Trekking the Wild West Side of Tucson: Seven Falls Trail

William Wong

One Saturday Morning…

The sun is barely peeking over the crest of the valley and a cool but calming breeze travels down your spine. As we get closer to the falls, the rushing water, splashing against the rocks, gets ever so louder. Freshwater begins to smother the air, and the beauty of the falls’ majestic appearance leaves us in awe. It towers above us, like a set of stairs; multi-leveled ponds, connected and feeding downwards with a series of seven falls.

We have always loved to hike, experiences like these are what fuel our desires and interests to do so. We were in awe, as we had never thought Tucson, Arizona could house such a majestic work of nature. It was a lengthy 8-mile hike, however, we would both say that it was extremely worthwhile. The peak of the hike would have to be arriving at the falls, seeing a multitude of people taking pictures, or just casually sleeping in a chair. It showed us how popular this place is, and how much people enjoy it.

A Windy Canyon

Bear Canyon encapsulates the seven falls hike, it is a long valley on the eastern portion of Mount Lemmon. From a distance, before entering, the valley seems small, however, once we pass the first stream crossing, it begins to draw on us. The rock formations tower around us, and the different levels of sedimentary in the rock make them an amazing spectacle to see. Each stream crossing pops out on us, a lengthy opening with a wide but shallow stream, we don’t see much of where the stream is coming from, so each crossing is a mystery.

We feel what draws us the most, every time we look back from a stream crossing, we can see from the elevation of what we have just hiked. A lengthy stream below us, and the mystery of the stream in front of us, draw us. Each stream crossing comforts us with a refreshing scent of flowing water, and the soothing sound of rushing water. Erosion from the stream cuts through the rocks, forming what looks like a canyon.

The canyon was a comfortable 72 degrees, with windchill dropping it to around 64 degrees. The sun’s placement was crucial during this hike, during the early morning the valley was encapsulated in shade and gloom. The sun gradually started to peak, and on our route back, the different levels of lighting made it a whole new experience. The shade that once covered the canyon lifted, the greenery around us brightened, and all sorts of colors appeared before us.

Stream Crossing Galore

We feel that crossing each stream promotes the overall anticipation of the falls. After seeing the first signs of water, we were extremely happy, as that had to mean there was water flowing. The feeling of crossing each stream, the gentle sound and smell of water gradually make its way down the stream. As we got closer to the falls, the water became more relevant, we started to observe the stream get wider. The ever-growing flows of clashing water built on us, making the falls an even grander experience.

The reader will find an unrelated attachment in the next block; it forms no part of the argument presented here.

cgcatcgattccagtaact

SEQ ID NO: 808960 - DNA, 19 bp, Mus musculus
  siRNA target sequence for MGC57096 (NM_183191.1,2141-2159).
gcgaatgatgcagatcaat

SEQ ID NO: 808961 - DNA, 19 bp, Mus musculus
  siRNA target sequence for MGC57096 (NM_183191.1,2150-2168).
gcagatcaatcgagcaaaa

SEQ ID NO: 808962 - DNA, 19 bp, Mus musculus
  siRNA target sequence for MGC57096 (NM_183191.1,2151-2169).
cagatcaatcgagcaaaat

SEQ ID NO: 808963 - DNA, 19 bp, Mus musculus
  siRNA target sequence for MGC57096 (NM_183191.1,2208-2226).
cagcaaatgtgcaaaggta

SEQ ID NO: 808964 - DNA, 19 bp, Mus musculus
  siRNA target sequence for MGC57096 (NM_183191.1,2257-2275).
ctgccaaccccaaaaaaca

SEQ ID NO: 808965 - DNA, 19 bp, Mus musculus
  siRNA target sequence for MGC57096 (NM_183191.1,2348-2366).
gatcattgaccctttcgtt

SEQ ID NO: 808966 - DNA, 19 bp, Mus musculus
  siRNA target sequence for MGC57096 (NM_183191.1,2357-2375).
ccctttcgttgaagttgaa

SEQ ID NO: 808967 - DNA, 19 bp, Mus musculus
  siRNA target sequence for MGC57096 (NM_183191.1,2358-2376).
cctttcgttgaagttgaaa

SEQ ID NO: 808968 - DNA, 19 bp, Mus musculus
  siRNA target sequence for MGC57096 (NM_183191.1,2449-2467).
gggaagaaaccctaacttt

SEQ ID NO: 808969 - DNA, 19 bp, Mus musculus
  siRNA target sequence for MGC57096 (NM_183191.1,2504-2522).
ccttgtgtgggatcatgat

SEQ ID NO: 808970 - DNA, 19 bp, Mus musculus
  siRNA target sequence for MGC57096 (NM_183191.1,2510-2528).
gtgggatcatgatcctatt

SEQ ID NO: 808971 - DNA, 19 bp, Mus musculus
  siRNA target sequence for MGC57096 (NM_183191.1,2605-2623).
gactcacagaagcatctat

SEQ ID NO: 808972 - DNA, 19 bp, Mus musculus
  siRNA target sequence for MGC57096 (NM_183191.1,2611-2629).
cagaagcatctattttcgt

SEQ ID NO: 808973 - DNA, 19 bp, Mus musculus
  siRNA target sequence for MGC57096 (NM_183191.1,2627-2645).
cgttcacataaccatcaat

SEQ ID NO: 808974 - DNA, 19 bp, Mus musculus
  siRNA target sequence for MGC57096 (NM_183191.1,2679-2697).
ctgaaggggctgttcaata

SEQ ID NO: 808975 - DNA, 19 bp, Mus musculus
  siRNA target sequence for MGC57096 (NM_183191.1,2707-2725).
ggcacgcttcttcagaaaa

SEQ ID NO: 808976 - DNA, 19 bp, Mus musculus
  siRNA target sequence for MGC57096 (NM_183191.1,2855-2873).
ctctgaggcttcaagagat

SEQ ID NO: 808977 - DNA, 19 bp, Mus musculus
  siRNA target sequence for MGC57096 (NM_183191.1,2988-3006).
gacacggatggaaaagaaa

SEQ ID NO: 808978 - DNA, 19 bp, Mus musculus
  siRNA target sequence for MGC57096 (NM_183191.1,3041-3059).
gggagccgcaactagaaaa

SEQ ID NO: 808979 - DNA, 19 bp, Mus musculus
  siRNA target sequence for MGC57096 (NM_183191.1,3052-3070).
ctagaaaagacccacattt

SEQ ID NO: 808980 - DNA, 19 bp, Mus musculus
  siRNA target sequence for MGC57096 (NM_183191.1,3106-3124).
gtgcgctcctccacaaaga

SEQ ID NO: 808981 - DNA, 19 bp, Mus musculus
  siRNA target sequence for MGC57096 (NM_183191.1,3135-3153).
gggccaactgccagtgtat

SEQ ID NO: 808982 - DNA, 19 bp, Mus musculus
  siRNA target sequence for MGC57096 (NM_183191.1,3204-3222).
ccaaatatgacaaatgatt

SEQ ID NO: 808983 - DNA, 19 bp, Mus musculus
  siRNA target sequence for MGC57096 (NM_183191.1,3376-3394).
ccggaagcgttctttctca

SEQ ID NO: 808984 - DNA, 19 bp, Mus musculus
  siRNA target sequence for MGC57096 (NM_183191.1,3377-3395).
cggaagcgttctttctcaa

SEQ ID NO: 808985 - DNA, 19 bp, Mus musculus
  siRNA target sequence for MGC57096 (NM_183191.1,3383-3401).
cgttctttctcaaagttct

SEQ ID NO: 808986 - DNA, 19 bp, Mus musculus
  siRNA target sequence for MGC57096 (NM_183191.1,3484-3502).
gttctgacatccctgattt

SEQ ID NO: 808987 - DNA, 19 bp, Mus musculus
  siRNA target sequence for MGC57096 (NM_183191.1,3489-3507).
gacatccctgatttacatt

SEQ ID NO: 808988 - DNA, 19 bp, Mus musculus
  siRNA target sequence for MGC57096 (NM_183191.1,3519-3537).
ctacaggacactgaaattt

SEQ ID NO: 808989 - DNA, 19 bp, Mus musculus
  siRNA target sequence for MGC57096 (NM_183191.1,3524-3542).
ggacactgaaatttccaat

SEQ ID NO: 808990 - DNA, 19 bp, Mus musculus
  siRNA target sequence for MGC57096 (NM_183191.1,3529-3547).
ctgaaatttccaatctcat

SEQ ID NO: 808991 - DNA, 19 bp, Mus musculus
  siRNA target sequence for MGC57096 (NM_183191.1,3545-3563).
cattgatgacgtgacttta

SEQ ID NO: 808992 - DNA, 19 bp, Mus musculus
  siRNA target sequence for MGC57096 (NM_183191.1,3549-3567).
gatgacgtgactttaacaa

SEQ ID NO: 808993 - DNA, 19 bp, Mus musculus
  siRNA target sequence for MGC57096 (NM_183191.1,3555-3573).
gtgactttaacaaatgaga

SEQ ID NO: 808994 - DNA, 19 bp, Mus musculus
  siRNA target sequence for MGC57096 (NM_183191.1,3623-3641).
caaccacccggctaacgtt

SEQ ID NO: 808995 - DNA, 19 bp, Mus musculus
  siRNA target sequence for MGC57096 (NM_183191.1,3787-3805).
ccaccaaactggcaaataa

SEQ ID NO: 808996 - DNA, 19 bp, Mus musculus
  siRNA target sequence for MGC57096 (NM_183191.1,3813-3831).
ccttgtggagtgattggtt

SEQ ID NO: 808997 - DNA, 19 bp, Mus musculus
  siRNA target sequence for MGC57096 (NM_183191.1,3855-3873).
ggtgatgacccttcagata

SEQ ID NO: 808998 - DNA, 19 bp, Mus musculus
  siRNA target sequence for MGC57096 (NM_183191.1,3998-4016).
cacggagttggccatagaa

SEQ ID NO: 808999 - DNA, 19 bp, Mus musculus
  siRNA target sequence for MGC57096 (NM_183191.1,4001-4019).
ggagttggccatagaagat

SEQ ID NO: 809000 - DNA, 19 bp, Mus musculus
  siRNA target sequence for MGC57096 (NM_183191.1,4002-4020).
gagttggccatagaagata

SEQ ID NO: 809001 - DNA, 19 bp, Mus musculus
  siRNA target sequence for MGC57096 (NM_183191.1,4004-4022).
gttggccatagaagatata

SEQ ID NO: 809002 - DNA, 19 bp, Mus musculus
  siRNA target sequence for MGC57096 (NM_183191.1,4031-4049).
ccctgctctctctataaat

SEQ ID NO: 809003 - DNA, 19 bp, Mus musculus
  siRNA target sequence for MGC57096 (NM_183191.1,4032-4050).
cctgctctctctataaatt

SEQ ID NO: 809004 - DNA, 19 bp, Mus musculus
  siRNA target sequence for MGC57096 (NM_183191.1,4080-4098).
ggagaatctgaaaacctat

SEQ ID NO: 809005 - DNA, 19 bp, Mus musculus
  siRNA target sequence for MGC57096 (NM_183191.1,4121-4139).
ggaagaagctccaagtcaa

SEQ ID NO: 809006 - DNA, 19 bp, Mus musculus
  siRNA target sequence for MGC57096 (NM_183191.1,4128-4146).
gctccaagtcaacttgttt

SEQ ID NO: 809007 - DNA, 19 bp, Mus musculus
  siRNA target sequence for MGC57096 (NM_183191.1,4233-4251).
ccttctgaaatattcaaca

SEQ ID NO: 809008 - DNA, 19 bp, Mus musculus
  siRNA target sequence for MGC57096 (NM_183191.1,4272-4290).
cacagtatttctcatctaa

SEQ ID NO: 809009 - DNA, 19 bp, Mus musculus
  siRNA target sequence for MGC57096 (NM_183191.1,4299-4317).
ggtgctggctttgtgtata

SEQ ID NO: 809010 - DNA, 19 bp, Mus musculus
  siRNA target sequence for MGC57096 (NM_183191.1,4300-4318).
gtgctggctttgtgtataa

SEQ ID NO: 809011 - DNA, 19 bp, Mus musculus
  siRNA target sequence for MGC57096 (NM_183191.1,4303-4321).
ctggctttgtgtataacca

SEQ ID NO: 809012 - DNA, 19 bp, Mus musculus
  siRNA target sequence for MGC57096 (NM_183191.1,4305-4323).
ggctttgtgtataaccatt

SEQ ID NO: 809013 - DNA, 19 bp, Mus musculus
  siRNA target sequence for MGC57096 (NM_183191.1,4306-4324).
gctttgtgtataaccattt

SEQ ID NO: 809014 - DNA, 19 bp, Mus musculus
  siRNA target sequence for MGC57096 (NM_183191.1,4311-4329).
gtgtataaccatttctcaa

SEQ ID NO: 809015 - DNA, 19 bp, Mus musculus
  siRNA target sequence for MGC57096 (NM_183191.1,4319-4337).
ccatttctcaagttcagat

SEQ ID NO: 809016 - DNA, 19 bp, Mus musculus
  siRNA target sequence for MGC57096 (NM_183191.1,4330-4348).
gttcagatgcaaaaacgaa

The trail elevates itself above the stream, only declining when moving to the opposite side of the valley and crossing the stream. There are points where the trail seems to lead you to a different world. It twists and turns, pathing itself through vegetation that is dense and towers above us, almost making it seem we are in a jungle. It winds through a forest of various different types of cacti, really emphasizing the western desert flora, and at a point, we cross through an area that seems like a small prairie, grass that sits waist height, and we can physically see the patches of grass that have had animals lay on them.

There’s Not Just One Trail!

The path that leads to the trailhead is one of two, it starts as an open dirt trail, where you can clearly see how popular Sabino Canyon is. It is a straight path, dipping at points, lined with boulders and a variety of cacti, trees, and plants. It is dark out, but the dirt path didn’t seem dull at all, the greenery beside us emphasized this in dark colors. The path gradually rises and dips, we don’t seem to notice at first until we look back. The path connected to a road, the sun being barely in the sky, and the light seemed to flutter on the dark black asphalt.

The road twists and turns for a bit, and we walk for a bit, casually talking about our hiking experiences until we meet at a bridge. A stream flows under it to a pond on the other side, there are many different people here, a couple, a family with kids, and a park ranger. Some are sitting on the benches or taking pictures, we don’t stop here, but keep walking as our destination waits for us. The road turns a corner and intersects with bathrooms and a dirt road, the dirt road which leads to the trailhead. We stop here for the last time to go to the restroom and have a quick break before we hit the trailhead.

Finally, Some Visitor Amenities

Sabino Canyon’s visitor center lies at the start of all this, it is encompassed by a ton of information and a gift center. Poster boards that hold different things, like the level of fire danger, any dangerous animal sightings, and maps of the area. We encountered a park ranger here, who happily pointed us in the right direction and made sure we were prepared. We overlooked the map for the trail, taking pictures of it. As well as taking pictures of emergency hotlines, and the scenery.


William Wong is a first-year architecture student from Hawaii. He is passionate about architecture and loves to hike.

JJ Brown, a local Tucsonan, is a first-year student, a part of ROTC, and majoring in Computer Science.